It was only a few days ago I posted about ice and snow melting, but I'm going to do it again! It's happening really quickly now, snow men there one day, gone the next. Channels of water appearing under, over and cutting through ice. The slabs of snow cleared at the side of the road which looked pretty huge a week ago are now looking dirty and diminished. Everyone is watching the ice conditions closely, monitoring whether to chance another snow scooter trip and there is a sort of mourning of the ice as those opportunities for adventures melt away with it. We are stepping gingerly towards the few weeks between times of spring and summer seasons...
It is only a matter of time before Svalbard moves into full summer mode and the snow cover receeds. The 'big melt' is coming, in fact it might have started today with temperatures edging over the zero degree mark, (though I am holding out for more snow and re-freeze next week :)). Today we saw glimpses of what is to come as the normally treacherous ice patches we were becoming used to negoiating have melted to slush over the course of the day. Puddles are appearing, and the dagger-like icicles which were here at the start of the week are dripping away very rapidly. The value of snow and ice in and to Svalbard (as a place, to people and other species here) is one thing that I'm hoping to learn and think more about while I'm here...
Just before attending this event  I remember questioning why I was going. Sure it sounded interesting, but I had umpteen assignments, marking, supervisions, all sorts that were looming, should I really be going to a conference that I’m not presenting at? Well, I’m really glad I did, it was an inspiring day full of interesting people and perspectives, lively cross-disciplinary discussions and I have to say I learnt a lot about what I need to learn more about! I won’t mention all the speakers, but here is a round up of the discussions and questions that sparked particular interest for me.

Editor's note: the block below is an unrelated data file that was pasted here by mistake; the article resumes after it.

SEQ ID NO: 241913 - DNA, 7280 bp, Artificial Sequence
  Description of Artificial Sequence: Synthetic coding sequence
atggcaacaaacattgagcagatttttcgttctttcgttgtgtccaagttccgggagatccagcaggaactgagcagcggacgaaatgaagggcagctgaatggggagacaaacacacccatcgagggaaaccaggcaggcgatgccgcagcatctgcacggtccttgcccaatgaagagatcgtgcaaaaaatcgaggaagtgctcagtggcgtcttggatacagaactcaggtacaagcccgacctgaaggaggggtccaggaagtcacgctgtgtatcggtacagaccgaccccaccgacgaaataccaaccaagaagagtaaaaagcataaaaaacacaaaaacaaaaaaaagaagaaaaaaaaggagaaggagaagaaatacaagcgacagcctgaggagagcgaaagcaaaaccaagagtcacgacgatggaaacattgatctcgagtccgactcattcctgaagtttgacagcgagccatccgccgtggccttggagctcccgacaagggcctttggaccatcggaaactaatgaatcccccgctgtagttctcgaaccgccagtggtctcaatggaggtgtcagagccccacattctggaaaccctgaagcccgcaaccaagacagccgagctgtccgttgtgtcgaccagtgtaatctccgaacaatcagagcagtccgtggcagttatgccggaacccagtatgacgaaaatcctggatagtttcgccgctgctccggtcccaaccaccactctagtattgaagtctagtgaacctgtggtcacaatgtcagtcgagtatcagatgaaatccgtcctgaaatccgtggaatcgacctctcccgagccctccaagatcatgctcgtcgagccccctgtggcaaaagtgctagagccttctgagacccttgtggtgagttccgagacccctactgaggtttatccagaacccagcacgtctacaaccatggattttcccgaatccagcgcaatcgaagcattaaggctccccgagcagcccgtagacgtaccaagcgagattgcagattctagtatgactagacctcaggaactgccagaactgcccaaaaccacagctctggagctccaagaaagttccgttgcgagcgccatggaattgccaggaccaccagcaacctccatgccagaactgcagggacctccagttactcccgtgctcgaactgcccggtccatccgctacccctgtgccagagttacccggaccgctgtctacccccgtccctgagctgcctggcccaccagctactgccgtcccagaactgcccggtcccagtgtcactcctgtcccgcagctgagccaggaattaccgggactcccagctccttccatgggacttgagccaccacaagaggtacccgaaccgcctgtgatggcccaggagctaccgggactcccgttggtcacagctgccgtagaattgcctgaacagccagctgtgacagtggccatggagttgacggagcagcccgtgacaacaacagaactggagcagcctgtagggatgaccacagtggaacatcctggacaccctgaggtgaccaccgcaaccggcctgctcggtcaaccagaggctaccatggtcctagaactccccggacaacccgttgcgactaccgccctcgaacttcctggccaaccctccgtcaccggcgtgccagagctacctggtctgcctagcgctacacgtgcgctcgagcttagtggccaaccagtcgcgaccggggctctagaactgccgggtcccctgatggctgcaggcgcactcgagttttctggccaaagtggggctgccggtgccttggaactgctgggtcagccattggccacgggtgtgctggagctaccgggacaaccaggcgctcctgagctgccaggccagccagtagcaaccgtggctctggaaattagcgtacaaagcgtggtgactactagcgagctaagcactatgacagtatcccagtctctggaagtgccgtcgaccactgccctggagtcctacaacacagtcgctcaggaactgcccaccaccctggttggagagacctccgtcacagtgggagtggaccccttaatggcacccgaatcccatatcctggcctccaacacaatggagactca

Thinking about temporality
The centre’s director, Graham Dawson got the day off to a good start by getting my brain ticking over the ways in which understandings of the past can be useful, not just interesting. Apparently this quote’s famous, but it was a first hearing for me: ‘The past is a foreign country; they do things differently there’ L. P Hartley: The Go Between (1953) – into which he interjected that the same could be said of the future. But how to do we ‘go’ to the past or future? These are key ponderances for me as I am thinking through the different temporalities my proposed case study sites invoke. Indeed climate change as an entity has time woven into it in every strand.